Clearly, what we have in front of us is a joker who cannot be trusted or given the benefit of the doubt. He is one of those avaricious men whose primary motivation for joining government is to enjoy its many under-the-table perks. Now that he has surfaced, we will have to bear with days—possibly even weeks—of a live telenovela that makes the Filipino people look tanga (idiotic)in the worst possible way. How much more of this will we take? Aren’t we tired of scandal after scandal, and of government officials who think that we’re stupid, apathetic, and callous, even?
More importantly, what are we going to do about it? I once more refer to Tito Rene’s introduction to show an alternative I do not want to see:
“In theory, the extent of government power is specified by the role the people assign to it. In practice, that role is actually determined by the latitude the political class is given to arrogate powers unto themselves. Unfortunately, ‘the people’—being a dispersed, diffuse mass—have no real ability to limit that latitude. It is therefore left to other organized institutions of society—such as civic groups, business groups, advocacy movements, professional associations, religious institutions, academic institutions, and media—to try to circumscribe (if they are so inclined) the role of government and the powers of government officials, and then hold them to account.
“A community holds together, I believe, largely because there are reasonable expectations that a system exists for ensuring that each member of it will be treated fairly and justly by the community itself, if not necessarily by every other member of it. Without this conviction, I think that communities will inevitably break apart (unless held together by force, in which case a revolt will eventually become inevitable). If the privileged few who exercise power in the community use this power to plunder and exploit, and they vulgarly display themselves as exempt from the rules imposed on the ordinary many without power, there is no compelling incentive for the powerless and unprivileged to stay within the community or, if they do, to follow its rules.”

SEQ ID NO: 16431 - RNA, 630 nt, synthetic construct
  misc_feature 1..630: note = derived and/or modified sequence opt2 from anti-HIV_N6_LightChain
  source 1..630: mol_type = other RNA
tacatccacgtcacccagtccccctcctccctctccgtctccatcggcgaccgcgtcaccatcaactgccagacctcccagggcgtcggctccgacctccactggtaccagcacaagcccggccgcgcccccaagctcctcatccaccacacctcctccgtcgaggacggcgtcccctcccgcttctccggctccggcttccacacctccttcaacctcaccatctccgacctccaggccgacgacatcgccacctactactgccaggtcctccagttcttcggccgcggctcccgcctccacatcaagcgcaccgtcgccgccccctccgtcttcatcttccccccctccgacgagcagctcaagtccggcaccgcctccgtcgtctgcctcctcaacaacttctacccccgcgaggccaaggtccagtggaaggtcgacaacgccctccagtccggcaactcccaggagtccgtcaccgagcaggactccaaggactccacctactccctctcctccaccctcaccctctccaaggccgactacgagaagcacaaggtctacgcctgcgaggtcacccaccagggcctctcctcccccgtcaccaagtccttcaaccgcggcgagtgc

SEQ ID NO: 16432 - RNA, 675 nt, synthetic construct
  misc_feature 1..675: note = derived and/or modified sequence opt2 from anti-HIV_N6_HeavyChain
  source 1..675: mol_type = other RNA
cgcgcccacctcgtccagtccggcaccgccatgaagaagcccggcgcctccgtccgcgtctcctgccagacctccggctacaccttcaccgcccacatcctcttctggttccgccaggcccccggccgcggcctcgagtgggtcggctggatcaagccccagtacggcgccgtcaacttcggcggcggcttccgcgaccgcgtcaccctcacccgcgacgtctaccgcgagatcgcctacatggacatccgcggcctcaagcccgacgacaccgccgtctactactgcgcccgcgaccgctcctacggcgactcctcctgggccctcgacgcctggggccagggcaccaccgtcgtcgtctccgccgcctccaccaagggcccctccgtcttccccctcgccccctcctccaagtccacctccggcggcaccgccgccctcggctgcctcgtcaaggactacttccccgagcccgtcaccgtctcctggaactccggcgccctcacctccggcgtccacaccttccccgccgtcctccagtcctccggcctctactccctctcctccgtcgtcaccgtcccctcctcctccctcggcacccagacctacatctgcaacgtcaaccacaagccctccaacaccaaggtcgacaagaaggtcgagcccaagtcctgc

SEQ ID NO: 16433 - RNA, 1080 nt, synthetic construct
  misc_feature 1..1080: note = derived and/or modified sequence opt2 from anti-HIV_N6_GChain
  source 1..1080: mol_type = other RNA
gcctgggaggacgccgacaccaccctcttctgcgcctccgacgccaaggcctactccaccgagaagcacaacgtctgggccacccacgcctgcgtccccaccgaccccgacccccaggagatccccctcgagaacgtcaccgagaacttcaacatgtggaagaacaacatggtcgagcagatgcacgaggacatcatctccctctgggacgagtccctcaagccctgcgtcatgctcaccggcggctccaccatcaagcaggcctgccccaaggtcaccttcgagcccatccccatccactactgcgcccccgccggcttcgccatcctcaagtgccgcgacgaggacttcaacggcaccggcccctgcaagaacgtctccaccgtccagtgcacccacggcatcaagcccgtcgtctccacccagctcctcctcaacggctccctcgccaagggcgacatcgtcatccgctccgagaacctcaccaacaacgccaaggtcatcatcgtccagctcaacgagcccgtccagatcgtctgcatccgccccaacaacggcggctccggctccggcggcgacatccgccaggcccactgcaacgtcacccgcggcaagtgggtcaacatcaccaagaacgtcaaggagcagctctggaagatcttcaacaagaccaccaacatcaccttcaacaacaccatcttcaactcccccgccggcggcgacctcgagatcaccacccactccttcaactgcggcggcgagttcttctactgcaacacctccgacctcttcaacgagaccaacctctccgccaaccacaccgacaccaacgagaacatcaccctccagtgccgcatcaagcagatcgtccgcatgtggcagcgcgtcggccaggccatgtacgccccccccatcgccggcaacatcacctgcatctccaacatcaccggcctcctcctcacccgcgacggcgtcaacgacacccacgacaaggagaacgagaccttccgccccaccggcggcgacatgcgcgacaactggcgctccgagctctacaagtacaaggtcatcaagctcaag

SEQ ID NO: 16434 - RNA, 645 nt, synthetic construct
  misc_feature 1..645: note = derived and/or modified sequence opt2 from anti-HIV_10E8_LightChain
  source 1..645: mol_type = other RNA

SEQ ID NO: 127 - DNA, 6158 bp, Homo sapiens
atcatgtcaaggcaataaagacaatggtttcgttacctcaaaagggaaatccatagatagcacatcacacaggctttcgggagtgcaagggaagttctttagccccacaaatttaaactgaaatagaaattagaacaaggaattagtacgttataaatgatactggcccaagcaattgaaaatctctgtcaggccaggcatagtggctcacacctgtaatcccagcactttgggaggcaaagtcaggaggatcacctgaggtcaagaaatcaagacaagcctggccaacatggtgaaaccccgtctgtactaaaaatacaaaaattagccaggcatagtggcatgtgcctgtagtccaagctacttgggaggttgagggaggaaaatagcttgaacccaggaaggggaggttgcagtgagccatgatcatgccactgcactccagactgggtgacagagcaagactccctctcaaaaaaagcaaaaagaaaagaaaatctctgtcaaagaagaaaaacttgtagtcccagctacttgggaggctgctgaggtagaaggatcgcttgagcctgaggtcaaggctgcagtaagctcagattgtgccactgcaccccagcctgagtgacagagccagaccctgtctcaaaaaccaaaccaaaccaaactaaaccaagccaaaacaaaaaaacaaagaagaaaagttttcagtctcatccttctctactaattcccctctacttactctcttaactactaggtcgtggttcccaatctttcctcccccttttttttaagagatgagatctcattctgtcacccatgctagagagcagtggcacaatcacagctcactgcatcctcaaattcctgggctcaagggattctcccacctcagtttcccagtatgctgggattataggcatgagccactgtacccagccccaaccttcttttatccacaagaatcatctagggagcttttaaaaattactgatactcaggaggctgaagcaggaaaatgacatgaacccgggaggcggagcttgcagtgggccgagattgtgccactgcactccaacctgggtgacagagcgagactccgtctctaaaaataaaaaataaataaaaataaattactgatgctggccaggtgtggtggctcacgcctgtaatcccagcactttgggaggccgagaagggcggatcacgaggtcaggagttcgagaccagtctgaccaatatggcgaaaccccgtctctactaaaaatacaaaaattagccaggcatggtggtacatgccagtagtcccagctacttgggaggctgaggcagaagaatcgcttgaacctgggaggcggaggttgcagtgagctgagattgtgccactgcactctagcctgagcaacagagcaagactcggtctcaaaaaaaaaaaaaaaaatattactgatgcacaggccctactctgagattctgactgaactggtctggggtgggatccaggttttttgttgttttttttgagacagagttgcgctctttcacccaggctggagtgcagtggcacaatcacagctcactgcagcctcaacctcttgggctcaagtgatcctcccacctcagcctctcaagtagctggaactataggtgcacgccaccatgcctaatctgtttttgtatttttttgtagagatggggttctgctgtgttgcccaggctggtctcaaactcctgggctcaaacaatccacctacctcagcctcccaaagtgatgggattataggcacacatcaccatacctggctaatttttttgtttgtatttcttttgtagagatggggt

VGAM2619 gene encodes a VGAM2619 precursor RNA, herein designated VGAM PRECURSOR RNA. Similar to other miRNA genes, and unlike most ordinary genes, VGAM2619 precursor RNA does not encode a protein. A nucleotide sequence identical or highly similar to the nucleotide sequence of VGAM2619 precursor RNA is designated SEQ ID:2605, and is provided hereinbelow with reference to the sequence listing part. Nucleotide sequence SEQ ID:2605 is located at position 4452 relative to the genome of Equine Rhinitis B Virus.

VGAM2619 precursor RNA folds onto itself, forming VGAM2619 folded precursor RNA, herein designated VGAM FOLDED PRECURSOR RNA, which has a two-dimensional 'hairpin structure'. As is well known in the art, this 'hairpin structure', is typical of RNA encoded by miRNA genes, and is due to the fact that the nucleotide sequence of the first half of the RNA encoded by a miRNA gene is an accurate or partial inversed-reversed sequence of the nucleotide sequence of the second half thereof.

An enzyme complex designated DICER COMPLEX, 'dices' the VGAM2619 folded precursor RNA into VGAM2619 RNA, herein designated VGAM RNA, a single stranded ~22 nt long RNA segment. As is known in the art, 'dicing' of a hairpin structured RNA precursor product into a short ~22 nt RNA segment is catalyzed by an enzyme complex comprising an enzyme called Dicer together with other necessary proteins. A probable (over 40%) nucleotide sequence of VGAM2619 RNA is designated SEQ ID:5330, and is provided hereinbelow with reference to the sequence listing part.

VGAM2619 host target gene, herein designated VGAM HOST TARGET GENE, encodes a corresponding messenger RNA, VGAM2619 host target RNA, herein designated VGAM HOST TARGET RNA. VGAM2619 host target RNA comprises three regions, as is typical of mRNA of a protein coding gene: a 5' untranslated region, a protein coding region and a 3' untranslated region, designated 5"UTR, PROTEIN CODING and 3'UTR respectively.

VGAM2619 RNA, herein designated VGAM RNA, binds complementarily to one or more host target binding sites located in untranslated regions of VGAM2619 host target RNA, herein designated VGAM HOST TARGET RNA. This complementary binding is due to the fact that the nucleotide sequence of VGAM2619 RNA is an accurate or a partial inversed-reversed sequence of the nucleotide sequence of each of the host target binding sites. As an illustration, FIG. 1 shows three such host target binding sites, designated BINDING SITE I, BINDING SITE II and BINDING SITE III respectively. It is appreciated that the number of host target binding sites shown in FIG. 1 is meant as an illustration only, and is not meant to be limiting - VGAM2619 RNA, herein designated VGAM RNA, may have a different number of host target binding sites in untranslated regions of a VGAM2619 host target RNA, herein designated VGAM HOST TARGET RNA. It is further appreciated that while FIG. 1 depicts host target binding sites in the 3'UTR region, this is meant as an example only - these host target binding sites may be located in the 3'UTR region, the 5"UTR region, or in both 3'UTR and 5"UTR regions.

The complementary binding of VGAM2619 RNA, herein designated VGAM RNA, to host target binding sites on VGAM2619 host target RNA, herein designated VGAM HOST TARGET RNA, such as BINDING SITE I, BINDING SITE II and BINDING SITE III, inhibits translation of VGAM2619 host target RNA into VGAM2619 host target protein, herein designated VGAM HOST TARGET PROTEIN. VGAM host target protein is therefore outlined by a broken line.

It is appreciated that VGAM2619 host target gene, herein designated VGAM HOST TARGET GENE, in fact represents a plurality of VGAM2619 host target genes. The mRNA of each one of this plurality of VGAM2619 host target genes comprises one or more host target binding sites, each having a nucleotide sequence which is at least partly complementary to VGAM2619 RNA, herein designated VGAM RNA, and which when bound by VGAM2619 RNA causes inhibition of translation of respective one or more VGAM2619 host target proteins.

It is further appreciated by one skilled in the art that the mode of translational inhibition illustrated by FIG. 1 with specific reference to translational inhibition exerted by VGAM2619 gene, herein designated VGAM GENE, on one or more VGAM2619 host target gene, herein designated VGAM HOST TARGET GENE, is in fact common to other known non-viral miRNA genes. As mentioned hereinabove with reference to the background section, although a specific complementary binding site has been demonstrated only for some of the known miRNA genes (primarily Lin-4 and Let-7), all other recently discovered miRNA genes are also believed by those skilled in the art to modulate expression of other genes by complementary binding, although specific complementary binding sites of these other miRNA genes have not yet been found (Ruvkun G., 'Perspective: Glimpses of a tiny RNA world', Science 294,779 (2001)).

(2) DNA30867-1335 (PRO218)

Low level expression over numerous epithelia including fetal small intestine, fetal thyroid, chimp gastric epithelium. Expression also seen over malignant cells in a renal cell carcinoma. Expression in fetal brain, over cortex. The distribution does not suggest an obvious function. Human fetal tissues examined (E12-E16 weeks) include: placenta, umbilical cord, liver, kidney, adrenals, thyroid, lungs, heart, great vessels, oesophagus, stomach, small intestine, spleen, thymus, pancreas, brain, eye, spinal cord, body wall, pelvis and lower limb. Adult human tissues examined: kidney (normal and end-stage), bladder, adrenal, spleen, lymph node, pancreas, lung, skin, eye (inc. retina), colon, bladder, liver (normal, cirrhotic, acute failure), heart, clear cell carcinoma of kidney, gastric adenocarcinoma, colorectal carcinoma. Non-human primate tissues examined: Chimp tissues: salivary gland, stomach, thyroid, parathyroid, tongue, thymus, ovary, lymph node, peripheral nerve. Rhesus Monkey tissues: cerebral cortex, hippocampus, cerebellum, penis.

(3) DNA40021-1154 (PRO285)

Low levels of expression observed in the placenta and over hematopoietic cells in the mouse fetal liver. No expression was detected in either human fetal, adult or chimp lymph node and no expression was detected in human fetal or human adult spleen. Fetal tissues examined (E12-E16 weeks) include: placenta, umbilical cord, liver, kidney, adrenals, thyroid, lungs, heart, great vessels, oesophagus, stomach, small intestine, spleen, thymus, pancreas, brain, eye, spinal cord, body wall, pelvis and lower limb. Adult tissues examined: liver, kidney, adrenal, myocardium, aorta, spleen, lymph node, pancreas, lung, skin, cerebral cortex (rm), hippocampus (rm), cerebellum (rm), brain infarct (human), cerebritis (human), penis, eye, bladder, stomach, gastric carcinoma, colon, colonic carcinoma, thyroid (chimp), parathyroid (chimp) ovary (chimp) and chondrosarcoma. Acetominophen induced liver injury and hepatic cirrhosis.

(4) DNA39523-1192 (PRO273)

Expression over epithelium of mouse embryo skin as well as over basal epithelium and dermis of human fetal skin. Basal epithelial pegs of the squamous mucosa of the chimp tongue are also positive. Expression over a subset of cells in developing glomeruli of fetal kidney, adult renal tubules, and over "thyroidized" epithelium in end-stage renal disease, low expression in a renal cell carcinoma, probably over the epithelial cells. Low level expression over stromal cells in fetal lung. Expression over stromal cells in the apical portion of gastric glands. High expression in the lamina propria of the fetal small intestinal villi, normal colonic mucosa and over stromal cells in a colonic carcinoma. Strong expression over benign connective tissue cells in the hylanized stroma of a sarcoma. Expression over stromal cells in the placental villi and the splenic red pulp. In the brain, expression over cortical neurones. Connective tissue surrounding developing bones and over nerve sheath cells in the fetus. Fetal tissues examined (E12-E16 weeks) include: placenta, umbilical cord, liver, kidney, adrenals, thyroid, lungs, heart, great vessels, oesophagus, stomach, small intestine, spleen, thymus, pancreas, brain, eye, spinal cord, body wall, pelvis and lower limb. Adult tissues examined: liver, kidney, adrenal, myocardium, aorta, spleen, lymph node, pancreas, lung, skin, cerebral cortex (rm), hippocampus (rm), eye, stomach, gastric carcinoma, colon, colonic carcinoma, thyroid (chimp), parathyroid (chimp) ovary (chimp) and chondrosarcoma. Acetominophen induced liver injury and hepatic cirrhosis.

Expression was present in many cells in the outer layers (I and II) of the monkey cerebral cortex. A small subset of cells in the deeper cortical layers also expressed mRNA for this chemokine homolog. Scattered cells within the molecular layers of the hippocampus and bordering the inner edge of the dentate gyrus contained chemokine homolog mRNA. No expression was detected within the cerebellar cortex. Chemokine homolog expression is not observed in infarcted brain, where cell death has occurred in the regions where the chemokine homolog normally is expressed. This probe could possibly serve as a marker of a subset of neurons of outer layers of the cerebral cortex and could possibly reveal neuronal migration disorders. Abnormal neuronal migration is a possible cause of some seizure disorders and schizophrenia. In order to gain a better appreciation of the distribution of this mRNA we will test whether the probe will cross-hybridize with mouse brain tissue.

If we want to keep intact what is left of the Philippine community, we need to demand accountability from our public officials NOW. The jokers in government have already taken too much from us—what else are we going to allow them to grasp?
Niña Terol, 28, is an officer of Team RP and YouthVotePhilippines and a member of other reform-oriented groups. She hopes to make real, positive change happen in the Philippines within her lifetime.
I know we’ve all encountered this at one time or another: being made to wait so g**dam* long for a meeting that turns out to last for only a very short while, with people whom you realize you don’t want to deal with at all–even if they paid you a million bucks to show up next time.
This is actually my first work-rant post in any blog, but I’m doing it here and now because an idea hit me during that 90-minute wait.
So I was in the lobby of a government agency, after having gotten up quite early and on the wrong side of the bed, and after having ridden a cab that was caught by two traffic cops for no apparent reason (save for the P50 that the poor cabbie willingly parted with that morning). My mom was with me because she had met these potential clients a couple of days ago, and she brought up to them an idea that I pitched to her a couple of years ago, and these “gentlemen” seemed open to the idea. (See, my mom’s kind of like a stage mom when it comes to me and my career, and she will introduce me to anyone who will agree to it. But I’m not complaining; I love my mom.)